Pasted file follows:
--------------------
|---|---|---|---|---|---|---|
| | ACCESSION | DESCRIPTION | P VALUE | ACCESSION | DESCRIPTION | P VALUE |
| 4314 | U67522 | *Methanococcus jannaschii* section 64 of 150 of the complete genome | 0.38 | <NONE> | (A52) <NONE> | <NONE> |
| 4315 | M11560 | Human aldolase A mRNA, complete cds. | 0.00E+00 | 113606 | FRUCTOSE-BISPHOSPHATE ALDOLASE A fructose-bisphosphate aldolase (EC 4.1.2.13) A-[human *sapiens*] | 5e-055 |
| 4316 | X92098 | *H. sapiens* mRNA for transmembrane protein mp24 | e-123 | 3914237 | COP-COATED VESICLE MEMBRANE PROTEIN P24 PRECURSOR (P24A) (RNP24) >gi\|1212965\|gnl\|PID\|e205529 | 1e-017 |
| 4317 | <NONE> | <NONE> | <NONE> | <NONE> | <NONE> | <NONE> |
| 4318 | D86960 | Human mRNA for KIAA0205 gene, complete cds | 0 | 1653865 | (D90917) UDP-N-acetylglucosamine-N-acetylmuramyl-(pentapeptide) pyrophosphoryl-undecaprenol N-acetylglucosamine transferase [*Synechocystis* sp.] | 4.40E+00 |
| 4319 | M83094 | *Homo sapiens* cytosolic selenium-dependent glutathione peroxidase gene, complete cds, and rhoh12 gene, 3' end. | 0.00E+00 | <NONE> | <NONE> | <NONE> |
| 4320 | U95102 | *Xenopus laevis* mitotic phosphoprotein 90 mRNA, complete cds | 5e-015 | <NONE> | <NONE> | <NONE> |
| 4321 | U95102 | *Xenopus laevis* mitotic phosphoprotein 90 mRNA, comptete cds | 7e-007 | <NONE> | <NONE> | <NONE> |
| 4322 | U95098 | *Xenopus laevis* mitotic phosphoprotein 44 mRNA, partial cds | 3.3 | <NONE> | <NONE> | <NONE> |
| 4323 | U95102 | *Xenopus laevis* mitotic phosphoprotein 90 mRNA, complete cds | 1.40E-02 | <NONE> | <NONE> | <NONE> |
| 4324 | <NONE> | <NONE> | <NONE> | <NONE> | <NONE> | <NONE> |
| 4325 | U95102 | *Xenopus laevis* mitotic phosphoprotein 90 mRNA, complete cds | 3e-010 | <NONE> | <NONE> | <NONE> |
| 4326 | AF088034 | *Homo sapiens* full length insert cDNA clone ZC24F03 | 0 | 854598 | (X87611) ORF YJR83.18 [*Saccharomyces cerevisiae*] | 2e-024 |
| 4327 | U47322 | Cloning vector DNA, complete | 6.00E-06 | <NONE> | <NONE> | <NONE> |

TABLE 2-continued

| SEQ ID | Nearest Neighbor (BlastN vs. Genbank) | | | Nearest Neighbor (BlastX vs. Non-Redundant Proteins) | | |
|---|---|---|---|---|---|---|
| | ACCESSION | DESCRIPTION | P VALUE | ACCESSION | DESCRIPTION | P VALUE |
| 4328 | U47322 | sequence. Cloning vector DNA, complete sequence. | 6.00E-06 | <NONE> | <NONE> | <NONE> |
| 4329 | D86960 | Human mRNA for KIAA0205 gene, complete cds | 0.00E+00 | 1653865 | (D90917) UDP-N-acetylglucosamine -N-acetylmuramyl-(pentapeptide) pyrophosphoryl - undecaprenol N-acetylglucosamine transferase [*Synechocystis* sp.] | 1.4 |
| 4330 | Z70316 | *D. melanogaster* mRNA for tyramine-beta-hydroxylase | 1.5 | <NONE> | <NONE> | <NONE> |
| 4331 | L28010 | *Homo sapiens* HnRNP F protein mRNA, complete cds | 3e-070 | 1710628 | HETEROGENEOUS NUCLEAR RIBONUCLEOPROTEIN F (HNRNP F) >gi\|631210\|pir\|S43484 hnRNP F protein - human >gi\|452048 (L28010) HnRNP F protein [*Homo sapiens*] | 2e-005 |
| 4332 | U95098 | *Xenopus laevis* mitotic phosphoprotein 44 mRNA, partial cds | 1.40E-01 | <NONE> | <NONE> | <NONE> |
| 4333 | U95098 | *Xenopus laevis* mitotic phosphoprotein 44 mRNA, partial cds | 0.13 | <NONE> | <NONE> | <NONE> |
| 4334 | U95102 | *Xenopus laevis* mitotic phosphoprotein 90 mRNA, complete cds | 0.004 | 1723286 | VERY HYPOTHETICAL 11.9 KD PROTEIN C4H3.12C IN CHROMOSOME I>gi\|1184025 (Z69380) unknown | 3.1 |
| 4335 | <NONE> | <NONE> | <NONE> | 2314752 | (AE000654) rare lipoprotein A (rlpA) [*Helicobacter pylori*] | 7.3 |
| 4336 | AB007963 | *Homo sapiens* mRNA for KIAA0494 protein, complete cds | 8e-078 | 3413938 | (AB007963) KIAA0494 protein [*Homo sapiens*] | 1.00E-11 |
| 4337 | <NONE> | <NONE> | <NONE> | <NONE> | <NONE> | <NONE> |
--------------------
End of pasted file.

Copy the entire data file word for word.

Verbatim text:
|---|---|---|---|---|---|---|
| | ACCESSION | DESCRIPTION | P VALUE | ACCESSION | DESCRIPTION | P VALUE |
| 4314 | U67522 | *Methanococcus jannaschii* section 64 of 150 of the complete genome | 0.38 | <NONE> | (A52) <NONE> | <NONE> |
| 4315 | M11560 | Human aldolase A mRNA, complete cds. | 0.00E+00 | 113606 | FRUCTOSE-BISPHOSPHATE ALDOLASE A fructose-bisphosphate aldolase (EC 4.1.2.13) A-[human *sapiens*] | 5e-055 |
| 4316 | X92098 | *H. sapiens* mRNA for transmembrane protein mp24 | e-123 | 3914237 | COP-COATED VESICLE MEMBRANE PROTEIN P24 PRECURSOR (P24A) (RNP24) >gi\|1212965\|gnl\|PID\|e205529 | 1e-017 |
| 4317 | <NONE> | <NONE> | <NONE> | <NONE> | <NONE> | <NONE> |
| 4318 | D86960 | Human mRNA for KIAA0205 gene, complete cds | 0 | 1653865 | (D90917) UDP-N-acetylglucosamine-N-acetylmuramyl-(pentapeptide) pyrophosphoryl-undecaprenol N-acetylglucosamine transferase [*Synechocystis* sp.] | 4.40E+00 |
| 4319 | M83094 | *Homo sapiens* cytosolic selenium-dependent glutathione peroxidase gene, complete cds, and rhoh12 gene, 3' end. | 0.00E+00 | <NONE> | <NONE> | <NONE> |
| 4320 | U95102 | *Xenopus laevis* mitotic phosphoprotein 90 mRNA, complete cds | 5e-015 | <NONE> | <NONE> | <NONE> |
| 4321 | U95102 | *Xenopus laevis* mitotic phosphoprotein 90 mRNA, comptete cds | 7e-007 | <NONE> | <NONE> | <NONE> |
| 4322 | U95098 | *Xenopus laevis* mitotic phosphoprotein 44 mRNA, partial cds | 3.3 | <NONE> | <NONE> | <NONE> |
| 4323 | U95102 | *Xenopus laevis* mitotic phosphoprotein 90 mRNA, complete cds | 1.40E-02 | <NONE> | <NONE> | <NONE> |
| 4324 | <NONE> | <NONE> | <NONE> | <NONE> | <NONE> | <NONE> |
| 4325 | U95102 | *Xenopus laevis* mitotic phosphoprotein 90 mRNA, complete cds | 3e-010 | <NONE> | <NONE> | <NONE> |
| 4326 | AF088034 | *Homo sapiens* full length insert cDNA clone ZC24F03 | 0 | 854598 | (X87611) ORF YJR83.18 [*Saccharomyces cerevisiae*] | 2e-024 |
| 4327 | U47322 | Cloning vector DNA, complete | 6.00E-06 | <NONE> | <NONE> | <NONE> |

TABLE 2-continued

| SEQ ID | Nearest Neighbor (BlastN vs. Genbank) | | | Nearest Neighbor (BlastX vs. Non-Redundant Proteins) | | |
|---|---|---|---|---|---|---|
| | ACCESSION | DESCRIPTION | P VALUE | ACCESSION | DESCRIPTION | P VALUE |
| 4328 | U47322 | sequence. Cloning vector DNA, complete sequence. | 6.00E-06 | <NONE> | <NONE> | <NONE> |
| 4329 | D86960 | Human mRNA for KIAA0205 gene, complete cds | 0.00E+00 | 1653865 | (D90917) UDP-N-acetylglucosamine -N-acetylmuramyl-(pentapeptide) pyrophosphoryl - undecaprenol N-acetylglucosamine transferase [*Synechocystis* sp.] | 1.4 |
| 4330 | Z70316 | *D. melanogaster* mRNA for tyramine-beta-hydroxylase | 1.5 | <NONE> | <NONE> | <NONE> |
| 4331 | L28010 | *Homo sapiens* HnRNP F protein mRNA, complete cds | 3e-070 | 1710628 | HETEROGENEOUS NUCLEAR RIBONUCLEOPROTEIN F (HNRNP F) >gi\|631210\|pir\|S43484 hnRNP F protein - human >gi\|452048 (L28010) HnRNP F protein [*Homo sapiens*] | 2e-005 |
| 4332 | U95098 | *Xenopus laevis* mitotic phosphoprotein 44 mRNA, partial cds | 1.40E-01 | <NONE> | <NONE> | <NONE> |
| 4333 | U95098 | *Xenopus laevis* mitotic phosphoprotein 44 mRNA, partial cds | 0.13 | <NONE> | <NONE> | <NONE> |
| 4334 | U95102 | *Xenopus laevis* mitotic phosphoprotein 90 mRNA, complete cds | 0.004 | 1723286 | VERY HYPOTHETICAL 11.9 KD PROTEIN C4H3.12C IN CHROMOSOME I>gi\|1184025 (Z69380) unknown | 3.1 |
| 4335 | <NONE> | <NONE> | <NONE> | 2314752 | (AE000654) rare lipoprotein A (rlpA) [*Helicobacter pylori*] | 7.3 |
| 4336 | AB007963 | *Homo sapiens* mRNA for KIAA0494 protein, complete cds | 8e-078 | 3413938 | (AB007963) KIAA0494 protein [*Homo sapiens*] | 1.00E-11 |
| 4337 | <NONE> | <NONE> | <NONE> | <NONE> | <NONE> | <NONE> |